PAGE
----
The title track is a sheer assault diluted in three minutes and even this time the vocals are great and more melodic by the refrain. The guitars duets are the most technical side of the band and the solos are always a mix of hyper fast tremolo pickings and tapping parts. The sudden restarts by the drums are truly shocking. The last “Deeds Of Darkness” is the longest song here and during the mid-paced parts there’s the spectrum of Hellhammer flying over. The atmosphere here is darker but the speed parts contribute in filling the sound with galloping parts and fast up tempo parts. So, we reach the end of this 40 minute bloodbath and we are stunned. The guitars tune is still in my ears and it won’t come out. This band was exceptional at the time. They were filled with anger and desire of destroying everything, but always through a great songwriting and intelligent compositions. Don’t let this album be forgotten and covered by the dust of time.
Talk about a badass band name, if you ask me. Anyways if you were to take a quick look at the cover for this release and compare it to their follow up album covers, you could potentially make the assumption that this is probably their darkest venture. Along with this many might tell you that this is not exactly pure thrash. Both of these points are actually dead on. Their early demo's before this were among the heaviest stuff out there for the early 80's and this release is pretty much a perfect take on what they were all about in their earlier career. Regardless of having some non-thrash moments here and there, you didn't get much tougher than this in 85'.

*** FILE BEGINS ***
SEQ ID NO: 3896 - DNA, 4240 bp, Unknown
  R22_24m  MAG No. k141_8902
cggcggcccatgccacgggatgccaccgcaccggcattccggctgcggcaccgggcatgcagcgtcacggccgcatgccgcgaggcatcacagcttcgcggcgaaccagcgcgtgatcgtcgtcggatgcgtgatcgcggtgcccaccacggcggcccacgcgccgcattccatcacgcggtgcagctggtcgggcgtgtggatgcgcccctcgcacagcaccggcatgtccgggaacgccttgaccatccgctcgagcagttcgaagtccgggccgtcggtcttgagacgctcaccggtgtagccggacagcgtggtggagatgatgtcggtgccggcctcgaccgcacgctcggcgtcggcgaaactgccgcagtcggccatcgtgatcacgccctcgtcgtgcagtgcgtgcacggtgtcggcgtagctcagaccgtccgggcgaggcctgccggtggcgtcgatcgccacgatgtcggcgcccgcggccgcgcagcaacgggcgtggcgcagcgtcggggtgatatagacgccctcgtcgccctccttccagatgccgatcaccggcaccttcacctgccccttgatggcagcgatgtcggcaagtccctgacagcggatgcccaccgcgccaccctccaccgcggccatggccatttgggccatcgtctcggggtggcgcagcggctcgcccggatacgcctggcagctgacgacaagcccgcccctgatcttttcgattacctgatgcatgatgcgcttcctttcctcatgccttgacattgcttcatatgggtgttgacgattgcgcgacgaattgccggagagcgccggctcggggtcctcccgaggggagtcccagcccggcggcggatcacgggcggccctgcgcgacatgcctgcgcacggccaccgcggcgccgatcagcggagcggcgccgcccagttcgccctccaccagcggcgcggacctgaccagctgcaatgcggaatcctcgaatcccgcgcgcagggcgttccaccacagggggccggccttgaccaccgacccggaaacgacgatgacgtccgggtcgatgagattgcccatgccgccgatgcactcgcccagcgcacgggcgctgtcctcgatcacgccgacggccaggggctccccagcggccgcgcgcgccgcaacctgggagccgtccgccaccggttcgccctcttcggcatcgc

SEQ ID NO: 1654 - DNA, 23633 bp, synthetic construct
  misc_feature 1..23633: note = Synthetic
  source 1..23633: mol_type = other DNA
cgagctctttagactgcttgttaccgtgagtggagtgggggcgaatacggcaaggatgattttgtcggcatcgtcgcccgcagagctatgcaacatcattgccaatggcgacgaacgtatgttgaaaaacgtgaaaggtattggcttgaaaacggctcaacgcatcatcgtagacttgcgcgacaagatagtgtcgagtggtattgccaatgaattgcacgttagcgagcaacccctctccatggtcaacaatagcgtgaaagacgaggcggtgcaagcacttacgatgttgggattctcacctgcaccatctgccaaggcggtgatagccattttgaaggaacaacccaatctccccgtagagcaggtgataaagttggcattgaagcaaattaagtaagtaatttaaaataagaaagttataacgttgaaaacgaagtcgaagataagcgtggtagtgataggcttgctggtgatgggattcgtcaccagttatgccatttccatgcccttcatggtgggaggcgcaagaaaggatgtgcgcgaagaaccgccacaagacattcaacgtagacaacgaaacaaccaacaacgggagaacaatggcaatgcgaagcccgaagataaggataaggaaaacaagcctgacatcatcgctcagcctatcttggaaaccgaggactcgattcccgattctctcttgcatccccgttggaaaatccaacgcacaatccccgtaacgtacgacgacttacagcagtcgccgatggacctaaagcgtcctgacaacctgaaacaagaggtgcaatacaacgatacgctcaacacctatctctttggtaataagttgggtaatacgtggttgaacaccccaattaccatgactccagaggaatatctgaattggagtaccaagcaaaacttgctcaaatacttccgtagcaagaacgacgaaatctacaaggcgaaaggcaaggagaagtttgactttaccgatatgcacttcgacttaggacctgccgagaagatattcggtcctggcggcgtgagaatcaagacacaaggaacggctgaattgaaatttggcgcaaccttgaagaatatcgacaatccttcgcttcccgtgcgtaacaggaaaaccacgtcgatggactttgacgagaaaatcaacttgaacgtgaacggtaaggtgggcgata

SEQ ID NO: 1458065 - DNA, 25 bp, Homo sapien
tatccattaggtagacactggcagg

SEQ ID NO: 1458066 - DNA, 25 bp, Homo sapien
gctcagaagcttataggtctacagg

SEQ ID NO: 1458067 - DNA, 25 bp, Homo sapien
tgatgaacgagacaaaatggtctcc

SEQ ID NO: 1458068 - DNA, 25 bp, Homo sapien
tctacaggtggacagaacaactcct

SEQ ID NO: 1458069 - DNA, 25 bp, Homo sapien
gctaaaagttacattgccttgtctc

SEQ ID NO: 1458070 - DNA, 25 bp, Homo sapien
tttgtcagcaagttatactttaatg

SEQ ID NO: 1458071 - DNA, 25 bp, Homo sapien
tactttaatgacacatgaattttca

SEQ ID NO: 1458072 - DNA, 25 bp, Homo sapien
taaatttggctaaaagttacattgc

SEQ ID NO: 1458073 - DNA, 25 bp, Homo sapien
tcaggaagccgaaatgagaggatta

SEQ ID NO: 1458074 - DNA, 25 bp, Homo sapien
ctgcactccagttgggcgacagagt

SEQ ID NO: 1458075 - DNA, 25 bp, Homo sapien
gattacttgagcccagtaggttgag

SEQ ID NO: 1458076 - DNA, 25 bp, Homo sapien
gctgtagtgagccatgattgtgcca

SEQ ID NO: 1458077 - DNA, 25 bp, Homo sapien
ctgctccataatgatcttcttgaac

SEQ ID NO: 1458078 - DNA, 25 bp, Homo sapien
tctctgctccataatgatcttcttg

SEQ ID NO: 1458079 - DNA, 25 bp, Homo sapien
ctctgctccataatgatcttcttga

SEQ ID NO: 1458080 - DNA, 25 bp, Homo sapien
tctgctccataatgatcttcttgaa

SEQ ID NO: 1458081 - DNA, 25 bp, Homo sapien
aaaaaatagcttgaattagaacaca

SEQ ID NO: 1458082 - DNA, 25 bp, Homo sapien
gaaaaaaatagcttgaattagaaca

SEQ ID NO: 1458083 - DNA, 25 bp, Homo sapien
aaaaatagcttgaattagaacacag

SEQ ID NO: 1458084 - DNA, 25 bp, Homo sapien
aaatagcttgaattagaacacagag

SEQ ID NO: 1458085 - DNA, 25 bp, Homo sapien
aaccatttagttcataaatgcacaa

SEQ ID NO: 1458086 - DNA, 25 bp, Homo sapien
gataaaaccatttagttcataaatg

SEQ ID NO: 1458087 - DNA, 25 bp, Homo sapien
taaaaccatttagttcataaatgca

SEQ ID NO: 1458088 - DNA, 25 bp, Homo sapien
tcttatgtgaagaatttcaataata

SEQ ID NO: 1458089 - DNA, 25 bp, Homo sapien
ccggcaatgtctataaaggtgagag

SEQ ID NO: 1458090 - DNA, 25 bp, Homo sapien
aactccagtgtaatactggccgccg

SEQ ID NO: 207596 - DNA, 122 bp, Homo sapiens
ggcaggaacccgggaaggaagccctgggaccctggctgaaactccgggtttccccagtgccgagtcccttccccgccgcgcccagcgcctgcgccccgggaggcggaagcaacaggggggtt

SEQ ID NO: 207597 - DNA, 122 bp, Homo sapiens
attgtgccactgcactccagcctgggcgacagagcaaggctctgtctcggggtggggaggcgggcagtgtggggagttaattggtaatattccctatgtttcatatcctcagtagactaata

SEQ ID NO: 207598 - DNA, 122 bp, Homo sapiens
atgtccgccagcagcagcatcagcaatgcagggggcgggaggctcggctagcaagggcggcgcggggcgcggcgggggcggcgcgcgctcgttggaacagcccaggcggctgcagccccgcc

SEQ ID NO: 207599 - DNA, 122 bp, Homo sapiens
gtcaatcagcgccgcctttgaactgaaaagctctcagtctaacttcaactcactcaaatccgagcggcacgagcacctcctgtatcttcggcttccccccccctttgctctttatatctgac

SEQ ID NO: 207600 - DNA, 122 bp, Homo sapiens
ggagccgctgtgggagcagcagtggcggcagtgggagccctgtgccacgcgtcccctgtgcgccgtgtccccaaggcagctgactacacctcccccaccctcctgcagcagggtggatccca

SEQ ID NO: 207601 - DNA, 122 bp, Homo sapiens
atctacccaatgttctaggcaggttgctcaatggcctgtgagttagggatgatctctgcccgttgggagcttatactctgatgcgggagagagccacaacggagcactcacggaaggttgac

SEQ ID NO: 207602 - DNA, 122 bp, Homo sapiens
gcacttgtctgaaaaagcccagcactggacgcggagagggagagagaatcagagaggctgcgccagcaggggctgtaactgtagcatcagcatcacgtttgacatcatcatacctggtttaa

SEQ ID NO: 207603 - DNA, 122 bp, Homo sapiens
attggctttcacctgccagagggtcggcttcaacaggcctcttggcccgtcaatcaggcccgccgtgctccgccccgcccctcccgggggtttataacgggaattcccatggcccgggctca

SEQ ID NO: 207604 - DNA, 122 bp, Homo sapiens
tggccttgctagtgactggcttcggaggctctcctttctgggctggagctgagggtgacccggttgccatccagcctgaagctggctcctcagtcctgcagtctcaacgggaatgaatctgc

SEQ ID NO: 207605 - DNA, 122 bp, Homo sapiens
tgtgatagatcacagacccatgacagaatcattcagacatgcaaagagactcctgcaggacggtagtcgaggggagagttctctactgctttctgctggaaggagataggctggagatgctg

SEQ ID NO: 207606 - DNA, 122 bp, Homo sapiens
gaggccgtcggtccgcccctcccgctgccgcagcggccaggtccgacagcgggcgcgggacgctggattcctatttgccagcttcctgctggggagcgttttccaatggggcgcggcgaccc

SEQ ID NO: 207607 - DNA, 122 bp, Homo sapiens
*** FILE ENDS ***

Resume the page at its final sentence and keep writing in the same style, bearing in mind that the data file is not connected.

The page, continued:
The production is what I think really sets this album not only apart from their later releases, but also keeps them away from sounding like a lot of various albums other bands were putting out in 85'. The sound here is really thick, fairly murky, definitely raw, and the drums literally sound like they're making cracks in the Earth at times in the background. The guitars sound like rusty indestructible chainsaws. This all gives the album a ton of atmosphere essentially making the whole thing sound pretty damn evil. The mix isn't entirely consistent when it switches between tracks, but for the most part it's pretty good and maintains a good level of balance with the instruments and everything. Along with the tough production here, vocalist Flemming RÃ¶nsdorf sounds more aggressive here than he does on their next releases. He's an all around great vocalist in my opinion just with a different and more straightforward approach to vocals here, he tends to stick to mid to low ranges pretty often on this one but still sends out some of his unique screams at times. All in all his performance on this is awesome while sometimes sounding like a twisted psychopath, very aggressive stuff. Most importantly, the guy easily has a one of a kind of voice.